In today's competitive job market, it's more important than ever that your CV speaks directly to the hiring Manager.
Preparing your career management plan in advance of your job search, can sharpen your vision, clarify your goals and once you know what you want, you will find it much easier to write about yourself.
So, before you are tempted to find your old CV and dust it off to add your most recent positions and accomplishments to it, follow these 3 steps to optimise the success of your job search.
It may have been a while since you last updated your CV, especially if looking for a new job hasn’t been a priority until now. Don’t worry, you’re not alone. However, it’s likely that your CV will need a complete makeover as employer’s expectations have changed drastically over the last few years. With the world of work rapidly evolving due to advances in technology and automation, there’s more to getting hired now than just qualifications and previous experience.
A CV needs to represent who you are, what you stand for and what you want professionally. This calls for you to look inward and to ask yourself some questions. This can be a daunting prospect, so here are a few questions to help you get started. Keep writing until you have genuinely answered all of the questions.
What are you known for?
What do you stand for?
What kind of problems do you solve?
How have you demonstrated impact?
When have you performed at your best?
What is your greatest professional achievement?
What makes you different?
What are you good at?
What makes you happy?
The objective of this exercise is to gain clarity on the following;
The skills and strengths that define you
Your accomplishments (career, educational and extra-curricular)
What drives you (your values and purpose)
Preparing well will help you to eliminate the extraneous and enable you to speak simply to your target employer, letting them know how you can help them and what value you bring.
2.What makes an excellent CV?
A CV is a marketing brochure of you, with a primary purpose to whet the appetite of a prospective employer to motivate them to want to meet you. Candidates tend to think too much about what a CV needs to include that they forget its real purpose. Whilst the basic elements of a successful CV are important, focus on communicating your brand and the value you have to offer foremost above simply getting your CV formula right.
Your CV needs to answer the employer’s question of ‘why should I care?’. Simply listing job duties from your previous job doesn’t make you any better than other candidates. Your primary goal is to stand out, so you have to provide concrete examples of what you have done.
Be Concise and Relevant
A CV should be focused, which often means two pages in length. In some cases, a three-page CV is appropriate for more senior-level executives who have more content to add. Including experience from over 15 years ago is often outdated, so unless is it is relevant, it is not necessary to include.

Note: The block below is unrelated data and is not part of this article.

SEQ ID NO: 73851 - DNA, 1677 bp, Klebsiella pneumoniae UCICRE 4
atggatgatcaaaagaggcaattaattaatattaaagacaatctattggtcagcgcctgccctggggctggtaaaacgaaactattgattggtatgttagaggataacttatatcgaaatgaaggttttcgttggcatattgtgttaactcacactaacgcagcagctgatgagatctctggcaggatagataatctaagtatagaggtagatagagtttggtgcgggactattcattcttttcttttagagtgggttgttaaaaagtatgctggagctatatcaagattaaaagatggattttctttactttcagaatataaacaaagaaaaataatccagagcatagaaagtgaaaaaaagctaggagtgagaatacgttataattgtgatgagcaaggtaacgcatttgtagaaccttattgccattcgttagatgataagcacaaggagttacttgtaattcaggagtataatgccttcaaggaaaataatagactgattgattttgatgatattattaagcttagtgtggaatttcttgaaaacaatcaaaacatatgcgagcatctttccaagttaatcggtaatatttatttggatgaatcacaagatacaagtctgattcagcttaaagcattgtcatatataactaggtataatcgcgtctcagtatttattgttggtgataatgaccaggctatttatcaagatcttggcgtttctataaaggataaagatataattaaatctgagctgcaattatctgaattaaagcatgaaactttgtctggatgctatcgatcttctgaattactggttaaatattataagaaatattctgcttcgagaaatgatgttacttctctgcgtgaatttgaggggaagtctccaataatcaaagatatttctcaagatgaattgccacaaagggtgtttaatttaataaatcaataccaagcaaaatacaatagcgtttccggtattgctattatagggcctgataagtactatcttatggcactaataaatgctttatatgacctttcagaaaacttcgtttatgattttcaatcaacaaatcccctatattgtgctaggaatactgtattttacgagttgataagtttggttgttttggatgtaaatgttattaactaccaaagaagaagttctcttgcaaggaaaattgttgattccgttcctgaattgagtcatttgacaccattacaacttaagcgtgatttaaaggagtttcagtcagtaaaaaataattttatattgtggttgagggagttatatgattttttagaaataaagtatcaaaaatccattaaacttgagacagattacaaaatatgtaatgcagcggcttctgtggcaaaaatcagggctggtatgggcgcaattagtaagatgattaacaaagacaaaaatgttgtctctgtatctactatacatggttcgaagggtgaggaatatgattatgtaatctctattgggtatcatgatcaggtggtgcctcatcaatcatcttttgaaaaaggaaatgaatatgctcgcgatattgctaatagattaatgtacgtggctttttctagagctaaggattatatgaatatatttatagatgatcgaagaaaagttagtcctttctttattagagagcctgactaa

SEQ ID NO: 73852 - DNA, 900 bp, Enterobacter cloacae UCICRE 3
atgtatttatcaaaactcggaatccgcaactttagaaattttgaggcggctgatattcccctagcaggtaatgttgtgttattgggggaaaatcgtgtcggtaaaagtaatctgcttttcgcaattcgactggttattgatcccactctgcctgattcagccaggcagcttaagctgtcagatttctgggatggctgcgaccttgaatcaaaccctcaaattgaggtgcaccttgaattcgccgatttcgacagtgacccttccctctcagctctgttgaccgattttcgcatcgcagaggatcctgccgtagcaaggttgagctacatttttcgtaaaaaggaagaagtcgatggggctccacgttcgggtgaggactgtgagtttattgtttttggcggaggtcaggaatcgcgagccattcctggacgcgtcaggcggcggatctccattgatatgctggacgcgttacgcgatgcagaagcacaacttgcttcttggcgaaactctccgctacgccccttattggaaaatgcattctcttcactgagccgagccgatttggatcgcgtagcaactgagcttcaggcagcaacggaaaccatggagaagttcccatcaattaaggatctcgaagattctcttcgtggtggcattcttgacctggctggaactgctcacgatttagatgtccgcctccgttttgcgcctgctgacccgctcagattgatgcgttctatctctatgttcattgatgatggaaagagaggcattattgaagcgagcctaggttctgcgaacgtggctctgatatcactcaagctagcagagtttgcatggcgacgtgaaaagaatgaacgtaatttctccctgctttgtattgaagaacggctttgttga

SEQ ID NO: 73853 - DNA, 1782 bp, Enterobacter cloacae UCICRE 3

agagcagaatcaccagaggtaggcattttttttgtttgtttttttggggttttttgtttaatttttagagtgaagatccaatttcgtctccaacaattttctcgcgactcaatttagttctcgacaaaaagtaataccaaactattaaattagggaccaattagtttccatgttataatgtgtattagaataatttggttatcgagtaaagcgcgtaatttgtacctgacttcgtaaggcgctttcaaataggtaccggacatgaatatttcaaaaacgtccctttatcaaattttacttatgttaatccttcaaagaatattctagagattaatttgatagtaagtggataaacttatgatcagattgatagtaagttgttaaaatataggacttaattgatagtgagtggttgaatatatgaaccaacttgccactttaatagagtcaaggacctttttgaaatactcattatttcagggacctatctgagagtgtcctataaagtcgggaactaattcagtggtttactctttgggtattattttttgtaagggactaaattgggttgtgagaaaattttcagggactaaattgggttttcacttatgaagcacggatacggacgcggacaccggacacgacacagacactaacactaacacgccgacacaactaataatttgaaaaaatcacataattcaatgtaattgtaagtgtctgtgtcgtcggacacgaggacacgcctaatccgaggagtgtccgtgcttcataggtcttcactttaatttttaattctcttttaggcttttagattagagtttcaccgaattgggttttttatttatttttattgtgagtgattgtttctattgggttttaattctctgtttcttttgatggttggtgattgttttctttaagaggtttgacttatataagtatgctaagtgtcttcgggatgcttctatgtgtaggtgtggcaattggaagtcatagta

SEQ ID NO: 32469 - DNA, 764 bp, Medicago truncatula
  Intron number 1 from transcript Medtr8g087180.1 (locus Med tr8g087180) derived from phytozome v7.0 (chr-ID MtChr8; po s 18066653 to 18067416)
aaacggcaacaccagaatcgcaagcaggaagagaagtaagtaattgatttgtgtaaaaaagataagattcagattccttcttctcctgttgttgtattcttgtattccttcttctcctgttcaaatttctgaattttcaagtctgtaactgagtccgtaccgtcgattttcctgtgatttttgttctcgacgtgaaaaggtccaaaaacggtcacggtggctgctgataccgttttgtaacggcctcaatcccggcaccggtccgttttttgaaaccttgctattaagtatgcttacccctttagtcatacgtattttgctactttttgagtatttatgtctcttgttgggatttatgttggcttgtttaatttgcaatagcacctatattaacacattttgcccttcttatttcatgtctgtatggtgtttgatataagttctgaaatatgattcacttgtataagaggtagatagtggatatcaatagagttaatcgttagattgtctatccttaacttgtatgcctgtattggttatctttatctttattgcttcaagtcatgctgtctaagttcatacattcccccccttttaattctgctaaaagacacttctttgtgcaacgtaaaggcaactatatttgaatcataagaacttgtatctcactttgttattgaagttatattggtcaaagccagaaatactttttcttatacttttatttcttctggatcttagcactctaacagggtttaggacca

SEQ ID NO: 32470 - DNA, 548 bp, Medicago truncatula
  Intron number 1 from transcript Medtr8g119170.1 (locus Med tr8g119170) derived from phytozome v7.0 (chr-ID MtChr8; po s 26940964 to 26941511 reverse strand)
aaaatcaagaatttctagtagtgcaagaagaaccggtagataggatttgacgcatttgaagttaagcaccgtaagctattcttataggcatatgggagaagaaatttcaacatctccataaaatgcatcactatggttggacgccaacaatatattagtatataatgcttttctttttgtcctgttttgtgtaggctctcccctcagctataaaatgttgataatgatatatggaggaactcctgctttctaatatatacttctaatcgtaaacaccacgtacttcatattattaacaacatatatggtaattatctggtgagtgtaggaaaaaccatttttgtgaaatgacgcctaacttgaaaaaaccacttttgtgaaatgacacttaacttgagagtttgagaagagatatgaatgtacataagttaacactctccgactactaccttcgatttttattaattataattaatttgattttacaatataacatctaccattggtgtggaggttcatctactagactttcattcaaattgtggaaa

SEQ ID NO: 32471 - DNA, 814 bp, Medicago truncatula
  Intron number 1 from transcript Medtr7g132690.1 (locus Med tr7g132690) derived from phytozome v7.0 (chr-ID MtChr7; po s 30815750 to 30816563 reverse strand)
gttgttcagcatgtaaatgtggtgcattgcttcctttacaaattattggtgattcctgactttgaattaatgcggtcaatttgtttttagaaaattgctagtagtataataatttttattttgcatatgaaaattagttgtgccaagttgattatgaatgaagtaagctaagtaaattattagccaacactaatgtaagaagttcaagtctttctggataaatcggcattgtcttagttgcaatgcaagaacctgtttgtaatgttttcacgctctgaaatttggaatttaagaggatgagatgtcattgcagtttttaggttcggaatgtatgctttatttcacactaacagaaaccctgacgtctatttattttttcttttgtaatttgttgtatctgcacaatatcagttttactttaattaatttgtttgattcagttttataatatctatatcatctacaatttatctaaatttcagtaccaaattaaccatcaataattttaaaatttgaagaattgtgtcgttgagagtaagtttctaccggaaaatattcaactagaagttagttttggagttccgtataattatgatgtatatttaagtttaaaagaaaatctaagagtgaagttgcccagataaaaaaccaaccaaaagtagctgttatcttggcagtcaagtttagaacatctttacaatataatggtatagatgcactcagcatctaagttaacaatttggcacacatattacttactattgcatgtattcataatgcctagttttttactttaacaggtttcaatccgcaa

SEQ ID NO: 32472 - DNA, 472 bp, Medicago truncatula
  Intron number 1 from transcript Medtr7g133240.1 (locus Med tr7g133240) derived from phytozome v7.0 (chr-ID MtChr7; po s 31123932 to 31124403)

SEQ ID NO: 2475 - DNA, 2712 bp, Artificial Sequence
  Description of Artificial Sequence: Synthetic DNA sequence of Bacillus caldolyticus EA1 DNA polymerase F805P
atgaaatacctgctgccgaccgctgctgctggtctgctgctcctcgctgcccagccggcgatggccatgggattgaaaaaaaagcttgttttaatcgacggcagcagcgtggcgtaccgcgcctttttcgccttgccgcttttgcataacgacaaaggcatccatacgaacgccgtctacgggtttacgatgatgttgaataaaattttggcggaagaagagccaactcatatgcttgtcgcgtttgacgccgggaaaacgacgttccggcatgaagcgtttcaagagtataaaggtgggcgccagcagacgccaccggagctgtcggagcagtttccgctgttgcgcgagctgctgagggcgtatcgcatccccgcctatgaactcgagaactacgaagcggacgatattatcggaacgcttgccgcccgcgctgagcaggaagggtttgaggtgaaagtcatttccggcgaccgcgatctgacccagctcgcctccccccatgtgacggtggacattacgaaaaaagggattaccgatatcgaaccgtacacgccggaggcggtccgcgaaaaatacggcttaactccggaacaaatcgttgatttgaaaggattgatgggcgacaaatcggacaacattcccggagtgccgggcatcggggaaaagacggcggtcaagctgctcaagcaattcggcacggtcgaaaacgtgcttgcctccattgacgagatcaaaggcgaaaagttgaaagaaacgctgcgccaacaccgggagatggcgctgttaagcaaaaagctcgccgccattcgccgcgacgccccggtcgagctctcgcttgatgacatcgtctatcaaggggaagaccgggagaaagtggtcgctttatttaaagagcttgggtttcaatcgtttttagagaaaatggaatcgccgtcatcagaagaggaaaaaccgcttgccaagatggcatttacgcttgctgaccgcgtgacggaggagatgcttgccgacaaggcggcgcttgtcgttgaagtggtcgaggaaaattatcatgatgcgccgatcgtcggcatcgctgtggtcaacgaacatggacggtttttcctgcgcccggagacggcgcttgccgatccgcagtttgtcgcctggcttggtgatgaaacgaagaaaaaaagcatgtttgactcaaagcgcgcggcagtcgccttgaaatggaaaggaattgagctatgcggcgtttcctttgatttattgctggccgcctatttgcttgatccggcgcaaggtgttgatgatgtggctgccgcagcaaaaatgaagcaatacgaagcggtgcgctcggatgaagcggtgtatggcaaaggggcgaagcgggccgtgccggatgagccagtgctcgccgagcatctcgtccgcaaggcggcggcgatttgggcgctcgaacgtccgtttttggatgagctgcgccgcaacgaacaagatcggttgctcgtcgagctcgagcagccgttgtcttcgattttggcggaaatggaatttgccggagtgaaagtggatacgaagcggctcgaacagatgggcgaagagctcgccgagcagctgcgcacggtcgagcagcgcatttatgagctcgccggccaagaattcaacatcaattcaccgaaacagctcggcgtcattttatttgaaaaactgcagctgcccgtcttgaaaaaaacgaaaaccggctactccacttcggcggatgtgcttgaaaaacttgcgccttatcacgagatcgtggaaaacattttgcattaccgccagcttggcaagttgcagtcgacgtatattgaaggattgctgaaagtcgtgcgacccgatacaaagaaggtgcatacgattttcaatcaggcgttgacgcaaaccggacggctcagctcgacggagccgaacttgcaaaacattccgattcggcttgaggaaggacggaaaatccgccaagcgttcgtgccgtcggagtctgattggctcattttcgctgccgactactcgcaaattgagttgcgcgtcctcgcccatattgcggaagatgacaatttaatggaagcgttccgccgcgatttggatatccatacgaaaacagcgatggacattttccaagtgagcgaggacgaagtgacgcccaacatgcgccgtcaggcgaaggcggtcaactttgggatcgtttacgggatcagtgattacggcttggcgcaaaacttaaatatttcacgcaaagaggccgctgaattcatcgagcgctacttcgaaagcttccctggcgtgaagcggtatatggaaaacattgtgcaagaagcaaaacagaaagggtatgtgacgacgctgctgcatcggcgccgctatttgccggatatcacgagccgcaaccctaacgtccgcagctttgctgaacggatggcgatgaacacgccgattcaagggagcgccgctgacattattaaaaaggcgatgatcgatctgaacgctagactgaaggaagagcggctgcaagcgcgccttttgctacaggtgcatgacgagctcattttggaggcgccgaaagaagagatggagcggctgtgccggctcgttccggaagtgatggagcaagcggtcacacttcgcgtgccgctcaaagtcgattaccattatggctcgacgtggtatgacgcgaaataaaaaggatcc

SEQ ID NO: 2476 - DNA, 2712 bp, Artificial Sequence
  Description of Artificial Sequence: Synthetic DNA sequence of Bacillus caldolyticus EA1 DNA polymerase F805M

Remember a CV is a summary document; therefore, it should not tell the reader everything about your career. This is a common mistake made my job seekers. CV’s that look like a manuscript can be incredibly off putting and there will be a high likelihood that it won’t receive much viewing time. The average time a reader will take to view your CV is between 6 to 10 seconds, so your CV design should immediately draw the reader’s eyes to the most important parts you wish them to see.
Optimise your Keywords
Many employers now require you to submit your CV through an Applicant Tracking System (ATS). The solution here is to create a second version of your CV that has been specifically optimised for these systems (including keywords that match the job description, no images, common fonts such as Arial or Times New Roman, etc).
Perfect your Formatting
How you structure your CV to strategically draw the reader to major achievements first will be critical. Order your career history in reverse chronological order demonstrating your employment background (job titles, companies, dates, key areas of duties and achievements).
Also, begin with a solid representation of your most notable skills, qualifications, talents and career highlights.
Cliché’s can be heavily used by job seekers on CV’s. Avoid words like hard-working, enthusiastic, passionate and driven. Instead prove them by providing examples.
3. Target your CV for every role
Employers want to know that you are a good fit, not just with your skills and experience but also personality. Treat your CV as a working document and view it as a template that you will need to tweak for each company and role that you apply for.
In addition to adjusting keywords, you will also need to address any key points the company is looking for and potentially shift the order of importance of achievements and skills within your CV.
Most importantly, your CV should represent your experience in such a way that it supports your career goals. For example, if you are looking to remain in a customer service position your CV will ‘paint the picture’ of a well-qualified customer service executive, which is exactly who you are. Conversely, if your goal is to transition into a management role, your CV will describe how you may have trained and mentored others, taken on additional responsibilities, covered management in periods of absence, etc.
Creating a CV with the 'WOW' factor takes time and thought. It's not an easy process, so resist the temptation to rush. The investment you make to get your CV right at the beginning of your job search will increase your confidence, create the right mindset, give you pride in what you’ve achieved and will absolutely land you more interviews.